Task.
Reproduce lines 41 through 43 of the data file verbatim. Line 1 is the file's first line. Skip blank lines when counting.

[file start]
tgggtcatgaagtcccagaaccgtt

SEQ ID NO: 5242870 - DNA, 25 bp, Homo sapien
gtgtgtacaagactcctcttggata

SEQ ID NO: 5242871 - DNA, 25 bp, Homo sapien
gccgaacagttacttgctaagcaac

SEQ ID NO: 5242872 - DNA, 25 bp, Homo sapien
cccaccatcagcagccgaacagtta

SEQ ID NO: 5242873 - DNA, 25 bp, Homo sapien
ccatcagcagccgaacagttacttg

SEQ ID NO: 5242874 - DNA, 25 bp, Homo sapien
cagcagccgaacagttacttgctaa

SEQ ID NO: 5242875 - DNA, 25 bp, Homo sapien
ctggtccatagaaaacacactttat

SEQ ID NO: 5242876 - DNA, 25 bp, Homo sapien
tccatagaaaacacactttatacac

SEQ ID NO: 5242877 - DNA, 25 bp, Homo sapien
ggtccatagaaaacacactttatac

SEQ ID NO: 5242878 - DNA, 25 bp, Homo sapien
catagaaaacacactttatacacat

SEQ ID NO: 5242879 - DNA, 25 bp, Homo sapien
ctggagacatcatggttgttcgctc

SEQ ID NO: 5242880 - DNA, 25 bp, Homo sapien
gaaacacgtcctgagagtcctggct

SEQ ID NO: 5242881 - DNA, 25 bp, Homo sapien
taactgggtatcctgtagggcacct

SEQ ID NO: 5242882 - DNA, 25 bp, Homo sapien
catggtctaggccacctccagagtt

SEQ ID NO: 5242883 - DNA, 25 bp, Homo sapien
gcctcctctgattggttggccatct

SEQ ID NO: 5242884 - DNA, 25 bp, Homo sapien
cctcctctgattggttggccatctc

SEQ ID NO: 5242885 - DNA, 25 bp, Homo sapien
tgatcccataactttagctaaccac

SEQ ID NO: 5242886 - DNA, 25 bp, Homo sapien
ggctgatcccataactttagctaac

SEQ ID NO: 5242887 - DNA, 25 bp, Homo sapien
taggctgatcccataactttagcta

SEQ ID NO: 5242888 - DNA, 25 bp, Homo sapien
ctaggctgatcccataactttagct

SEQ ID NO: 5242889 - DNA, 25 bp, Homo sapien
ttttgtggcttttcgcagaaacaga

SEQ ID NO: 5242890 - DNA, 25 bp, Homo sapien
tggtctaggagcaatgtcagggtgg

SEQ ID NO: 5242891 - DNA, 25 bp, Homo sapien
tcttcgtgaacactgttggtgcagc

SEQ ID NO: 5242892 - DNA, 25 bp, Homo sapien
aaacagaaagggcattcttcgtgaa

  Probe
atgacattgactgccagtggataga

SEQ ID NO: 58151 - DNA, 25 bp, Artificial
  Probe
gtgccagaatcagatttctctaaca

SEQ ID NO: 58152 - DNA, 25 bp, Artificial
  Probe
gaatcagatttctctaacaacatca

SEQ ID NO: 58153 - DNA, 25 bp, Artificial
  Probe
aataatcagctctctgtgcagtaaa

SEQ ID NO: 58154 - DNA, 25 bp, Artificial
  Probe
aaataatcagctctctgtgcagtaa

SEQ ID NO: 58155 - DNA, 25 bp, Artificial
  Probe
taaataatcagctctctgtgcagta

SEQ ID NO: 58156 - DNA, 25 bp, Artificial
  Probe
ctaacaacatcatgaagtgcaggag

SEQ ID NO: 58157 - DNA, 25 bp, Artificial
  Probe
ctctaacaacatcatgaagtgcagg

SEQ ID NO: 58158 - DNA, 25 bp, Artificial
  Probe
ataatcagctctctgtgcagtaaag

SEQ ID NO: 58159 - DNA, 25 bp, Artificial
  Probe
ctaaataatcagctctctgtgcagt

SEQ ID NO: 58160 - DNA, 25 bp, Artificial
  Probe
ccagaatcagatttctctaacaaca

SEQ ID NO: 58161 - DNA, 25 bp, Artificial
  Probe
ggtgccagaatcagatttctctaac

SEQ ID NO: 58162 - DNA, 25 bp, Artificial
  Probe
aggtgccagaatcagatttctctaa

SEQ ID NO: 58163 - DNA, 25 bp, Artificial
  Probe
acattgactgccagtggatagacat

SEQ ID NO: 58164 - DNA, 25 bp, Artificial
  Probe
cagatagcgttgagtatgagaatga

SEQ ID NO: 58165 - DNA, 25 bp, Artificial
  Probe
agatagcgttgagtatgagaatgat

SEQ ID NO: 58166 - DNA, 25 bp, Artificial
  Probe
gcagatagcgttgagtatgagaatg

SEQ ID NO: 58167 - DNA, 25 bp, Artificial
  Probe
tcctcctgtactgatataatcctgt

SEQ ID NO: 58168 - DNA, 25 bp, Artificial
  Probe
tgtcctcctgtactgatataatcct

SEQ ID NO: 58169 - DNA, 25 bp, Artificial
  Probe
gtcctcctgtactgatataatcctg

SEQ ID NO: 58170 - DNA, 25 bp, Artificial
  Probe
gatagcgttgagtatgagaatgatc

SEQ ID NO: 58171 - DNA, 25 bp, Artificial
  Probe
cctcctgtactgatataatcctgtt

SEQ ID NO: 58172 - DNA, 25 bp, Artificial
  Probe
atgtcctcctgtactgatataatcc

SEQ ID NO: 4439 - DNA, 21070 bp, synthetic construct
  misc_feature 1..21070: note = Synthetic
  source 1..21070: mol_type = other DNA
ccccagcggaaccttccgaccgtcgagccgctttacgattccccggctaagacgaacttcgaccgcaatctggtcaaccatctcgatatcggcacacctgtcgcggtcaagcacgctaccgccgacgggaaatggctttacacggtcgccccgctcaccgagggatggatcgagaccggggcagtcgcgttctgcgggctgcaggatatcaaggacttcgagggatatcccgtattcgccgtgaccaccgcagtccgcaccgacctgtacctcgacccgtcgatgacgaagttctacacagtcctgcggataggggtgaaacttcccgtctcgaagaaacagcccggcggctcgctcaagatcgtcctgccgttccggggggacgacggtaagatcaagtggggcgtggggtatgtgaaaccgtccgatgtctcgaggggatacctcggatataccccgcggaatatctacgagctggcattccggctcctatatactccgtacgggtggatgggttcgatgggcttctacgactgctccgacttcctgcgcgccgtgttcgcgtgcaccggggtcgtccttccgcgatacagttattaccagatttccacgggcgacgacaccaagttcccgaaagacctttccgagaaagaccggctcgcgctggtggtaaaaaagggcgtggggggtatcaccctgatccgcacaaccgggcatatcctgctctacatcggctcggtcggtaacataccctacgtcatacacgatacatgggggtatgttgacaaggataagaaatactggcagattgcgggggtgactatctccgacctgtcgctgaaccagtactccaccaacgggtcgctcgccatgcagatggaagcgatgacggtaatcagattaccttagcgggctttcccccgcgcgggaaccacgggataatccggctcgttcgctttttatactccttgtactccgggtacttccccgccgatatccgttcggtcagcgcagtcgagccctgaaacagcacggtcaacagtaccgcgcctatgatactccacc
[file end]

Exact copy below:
ttttgtggcttttcgcagaaacaga

SEQ ID NO: 5242890 - DNA, 25 bp, Homo sapien
tggtctaggagcaatgtcagggtgg